Nearly half of UK consumers are likely to abandon future purchases if they are faced with a multi-step authentication process, a study from Forter claims.
The e-commerce fraud prevention company surveyed 1,011 respondents in June 2019 who had completed an online purchase within the past three months. It was comprised of 52% men and 48% women, and 41% between 16 to 34, and 59% 35+.
Its research found that only 34% of respondents were aware of the incoming strong customer authentication (SCA) regulation.
SCA is part of the European directive PSD2 and enters enforcement on the 14 September. This regulation will change online payments made in the EU by needing them to be backed by two-tier authentication.
Online transactions will now need to be conducted with a combination of verification types. There are three possible options for merchants to utilise: knowledge-based verification such as a password or a PIN, an item in possession like a credit or debit card, and finally biometrics which is most commonly a fingerprint.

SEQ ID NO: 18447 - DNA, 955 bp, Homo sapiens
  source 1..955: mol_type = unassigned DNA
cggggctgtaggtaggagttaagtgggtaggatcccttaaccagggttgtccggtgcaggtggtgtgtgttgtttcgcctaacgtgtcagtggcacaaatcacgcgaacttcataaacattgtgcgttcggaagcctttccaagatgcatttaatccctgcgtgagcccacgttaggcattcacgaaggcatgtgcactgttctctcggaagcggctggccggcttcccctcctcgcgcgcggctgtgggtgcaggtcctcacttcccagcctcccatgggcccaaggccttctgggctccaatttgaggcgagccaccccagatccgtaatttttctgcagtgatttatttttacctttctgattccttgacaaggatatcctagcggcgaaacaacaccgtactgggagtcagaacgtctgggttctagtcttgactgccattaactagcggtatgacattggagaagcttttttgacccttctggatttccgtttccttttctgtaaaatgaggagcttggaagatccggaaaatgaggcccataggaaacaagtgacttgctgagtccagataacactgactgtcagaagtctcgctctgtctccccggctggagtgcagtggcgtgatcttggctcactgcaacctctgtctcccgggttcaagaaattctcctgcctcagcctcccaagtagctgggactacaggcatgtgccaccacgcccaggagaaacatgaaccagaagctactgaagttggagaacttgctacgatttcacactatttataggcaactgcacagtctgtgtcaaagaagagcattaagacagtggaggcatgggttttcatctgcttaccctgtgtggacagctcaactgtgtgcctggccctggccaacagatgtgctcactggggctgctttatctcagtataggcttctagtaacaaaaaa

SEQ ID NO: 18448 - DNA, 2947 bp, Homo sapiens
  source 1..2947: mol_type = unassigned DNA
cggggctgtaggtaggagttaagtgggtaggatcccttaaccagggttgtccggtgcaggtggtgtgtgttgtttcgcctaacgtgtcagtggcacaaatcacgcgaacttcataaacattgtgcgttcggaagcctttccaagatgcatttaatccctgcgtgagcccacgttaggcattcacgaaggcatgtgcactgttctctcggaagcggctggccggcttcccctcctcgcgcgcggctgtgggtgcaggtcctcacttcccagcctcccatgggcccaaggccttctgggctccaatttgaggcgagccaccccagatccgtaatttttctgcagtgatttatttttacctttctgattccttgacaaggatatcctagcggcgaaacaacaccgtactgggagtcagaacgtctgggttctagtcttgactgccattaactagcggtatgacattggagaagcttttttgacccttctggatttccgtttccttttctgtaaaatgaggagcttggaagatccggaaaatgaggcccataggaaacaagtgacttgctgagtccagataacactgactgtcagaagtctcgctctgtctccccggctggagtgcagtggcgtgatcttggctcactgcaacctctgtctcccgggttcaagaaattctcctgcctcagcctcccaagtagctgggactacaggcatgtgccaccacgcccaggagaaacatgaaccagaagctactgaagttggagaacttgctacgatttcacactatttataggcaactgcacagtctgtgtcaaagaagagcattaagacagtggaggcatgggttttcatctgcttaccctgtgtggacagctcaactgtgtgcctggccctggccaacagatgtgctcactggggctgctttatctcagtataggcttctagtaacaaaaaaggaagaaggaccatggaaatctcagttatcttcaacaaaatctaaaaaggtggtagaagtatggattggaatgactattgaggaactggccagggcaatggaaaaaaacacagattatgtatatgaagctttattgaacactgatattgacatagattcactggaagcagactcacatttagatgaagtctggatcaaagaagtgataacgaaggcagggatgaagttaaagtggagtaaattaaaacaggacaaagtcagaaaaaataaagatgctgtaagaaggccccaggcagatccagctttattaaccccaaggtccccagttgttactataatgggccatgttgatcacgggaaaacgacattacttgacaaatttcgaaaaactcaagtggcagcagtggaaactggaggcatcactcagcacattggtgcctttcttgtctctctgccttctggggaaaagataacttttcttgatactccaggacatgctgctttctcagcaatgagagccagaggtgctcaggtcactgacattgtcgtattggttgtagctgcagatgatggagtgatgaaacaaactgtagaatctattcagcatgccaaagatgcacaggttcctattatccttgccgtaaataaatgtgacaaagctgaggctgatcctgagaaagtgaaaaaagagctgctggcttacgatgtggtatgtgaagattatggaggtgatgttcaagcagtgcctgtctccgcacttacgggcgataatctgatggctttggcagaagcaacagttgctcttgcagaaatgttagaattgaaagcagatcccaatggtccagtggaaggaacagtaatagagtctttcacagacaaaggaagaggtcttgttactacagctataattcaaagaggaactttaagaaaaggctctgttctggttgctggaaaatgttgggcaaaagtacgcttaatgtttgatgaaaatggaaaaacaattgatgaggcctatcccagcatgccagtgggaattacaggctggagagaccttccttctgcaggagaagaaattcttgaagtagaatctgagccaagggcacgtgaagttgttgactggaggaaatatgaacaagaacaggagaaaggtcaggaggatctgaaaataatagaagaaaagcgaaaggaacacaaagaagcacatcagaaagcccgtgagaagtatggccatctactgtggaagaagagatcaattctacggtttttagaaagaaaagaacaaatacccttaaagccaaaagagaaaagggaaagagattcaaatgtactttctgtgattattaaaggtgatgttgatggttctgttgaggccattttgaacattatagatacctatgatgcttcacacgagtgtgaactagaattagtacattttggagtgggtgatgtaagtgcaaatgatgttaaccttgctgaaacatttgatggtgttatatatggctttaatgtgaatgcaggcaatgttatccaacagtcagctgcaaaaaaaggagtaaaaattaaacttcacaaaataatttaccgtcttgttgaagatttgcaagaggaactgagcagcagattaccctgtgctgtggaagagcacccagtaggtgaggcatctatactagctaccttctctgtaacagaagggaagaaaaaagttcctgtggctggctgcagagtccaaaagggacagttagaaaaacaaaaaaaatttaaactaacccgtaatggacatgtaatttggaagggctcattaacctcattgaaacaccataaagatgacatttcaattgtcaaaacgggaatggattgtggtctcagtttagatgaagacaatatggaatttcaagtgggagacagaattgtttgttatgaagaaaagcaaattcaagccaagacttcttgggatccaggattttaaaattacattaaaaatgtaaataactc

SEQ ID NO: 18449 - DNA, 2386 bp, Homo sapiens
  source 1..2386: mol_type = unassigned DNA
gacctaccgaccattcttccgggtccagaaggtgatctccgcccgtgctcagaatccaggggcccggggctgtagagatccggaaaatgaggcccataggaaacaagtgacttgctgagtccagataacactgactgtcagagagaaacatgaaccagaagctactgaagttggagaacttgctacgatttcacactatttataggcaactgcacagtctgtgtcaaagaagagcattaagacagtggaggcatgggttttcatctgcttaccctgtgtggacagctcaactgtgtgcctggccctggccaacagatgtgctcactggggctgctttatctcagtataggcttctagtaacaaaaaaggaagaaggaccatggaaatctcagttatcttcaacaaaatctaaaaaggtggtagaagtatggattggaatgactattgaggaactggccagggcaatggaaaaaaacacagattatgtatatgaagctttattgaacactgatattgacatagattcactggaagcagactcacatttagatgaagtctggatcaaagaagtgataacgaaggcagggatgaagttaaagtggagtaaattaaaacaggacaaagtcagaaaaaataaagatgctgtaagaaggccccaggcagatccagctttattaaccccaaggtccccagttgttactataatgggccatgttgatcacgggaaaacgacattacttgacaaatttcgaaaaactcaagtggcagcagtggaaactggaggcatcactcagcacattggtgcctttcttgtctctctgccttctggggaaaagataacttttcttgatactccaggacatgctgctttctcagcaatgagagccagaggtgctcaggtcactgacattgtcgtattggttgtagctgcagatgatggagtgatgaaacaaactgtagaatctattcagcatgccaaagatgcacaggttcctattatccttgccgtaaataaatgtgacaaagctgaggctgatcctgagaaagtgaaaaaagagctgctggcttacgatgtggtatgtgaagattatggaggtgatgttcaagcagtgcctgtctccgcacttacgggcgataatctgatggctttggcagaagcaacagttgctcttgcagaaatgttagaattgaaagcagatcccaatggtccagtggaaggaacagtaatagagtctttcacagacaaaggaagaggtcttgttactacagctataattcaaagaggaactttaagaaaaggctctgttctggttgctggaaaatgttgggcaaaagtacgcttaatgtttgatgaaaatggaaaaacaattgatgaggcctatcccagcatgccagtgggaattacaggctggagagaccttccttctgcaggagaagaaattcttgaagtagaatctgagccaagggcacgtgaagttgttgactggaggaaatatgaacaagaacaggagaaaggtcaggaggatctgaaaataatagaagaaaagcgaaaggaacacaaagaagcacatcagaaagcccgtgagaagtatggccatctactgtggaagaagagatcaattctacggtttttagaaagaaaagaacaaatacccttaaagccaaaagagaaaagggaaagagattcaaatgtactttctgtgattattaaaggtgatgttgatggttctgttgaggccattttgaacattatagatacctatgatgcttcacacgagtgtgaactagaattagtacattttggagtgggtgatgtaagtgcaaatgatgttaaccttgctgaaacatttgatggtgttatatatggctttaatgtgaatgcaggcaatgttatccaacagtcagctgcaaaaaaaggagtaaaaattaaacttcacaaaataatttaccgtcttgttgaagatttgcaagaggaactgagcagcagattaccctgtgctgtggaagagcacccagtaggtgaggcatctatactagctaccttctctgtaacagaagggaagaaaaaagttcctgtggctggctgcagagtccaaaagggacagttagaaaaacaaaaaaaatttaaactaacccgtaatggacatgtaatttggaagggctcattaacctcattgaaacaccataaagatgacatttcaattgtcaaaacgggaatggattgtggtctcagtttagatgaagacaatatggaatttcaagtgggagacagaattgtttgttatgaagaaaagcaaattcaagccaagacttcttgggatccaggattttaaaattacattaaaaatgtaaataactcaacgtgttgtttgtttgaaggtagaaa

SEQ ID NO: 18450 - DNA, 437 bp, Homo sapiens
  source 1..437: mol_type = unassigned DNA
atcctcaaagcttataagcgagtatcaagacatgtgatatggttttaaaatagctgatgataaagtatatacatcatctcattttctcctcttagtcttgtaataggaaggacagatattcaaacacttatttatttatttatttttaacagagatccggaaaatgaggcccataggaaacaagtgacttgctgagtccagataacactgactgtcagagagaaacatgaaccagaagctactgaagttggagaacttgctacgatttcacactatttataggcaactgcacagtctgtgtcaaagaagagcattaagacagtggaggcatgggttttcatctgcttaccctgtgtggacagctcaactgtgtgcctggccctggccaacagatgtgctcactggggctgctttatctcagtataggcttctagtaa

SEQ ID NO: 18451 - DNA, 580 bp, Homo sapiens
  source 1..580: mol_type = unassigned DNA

Worryingly, 49% of the respondents stated they would likely abandon future purchases if additional authentication services were needed.
When asked further, 60% stated they would likely abandon a purchase if they were asked for facial recognition, and 54% said the same for fingerprint ID. Other authentication methods also showed high opposition with email, 3D Secure, and SMS to see rejection from 46%, 45%, and 44%, respectively.
Forter CEO and co-founder Michael Reitblat said, “The UK was one of the first EU markets to confirm a formal delay of PSD2 enforcement. Irrespective of this 18-month delay, fraudsters will continue to capitalise on merchants’ weak spots.
“It is the responsibility of businesses to shore up defences at all stages of the customer journey, and not only at the payment stage. Online merchants shouldn’t use this time as an excuse to hold off on compliance; instead they should work to improve their fraud prevention measures ahead of enforcement.”
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Copyright © 2018 RegTech Analyst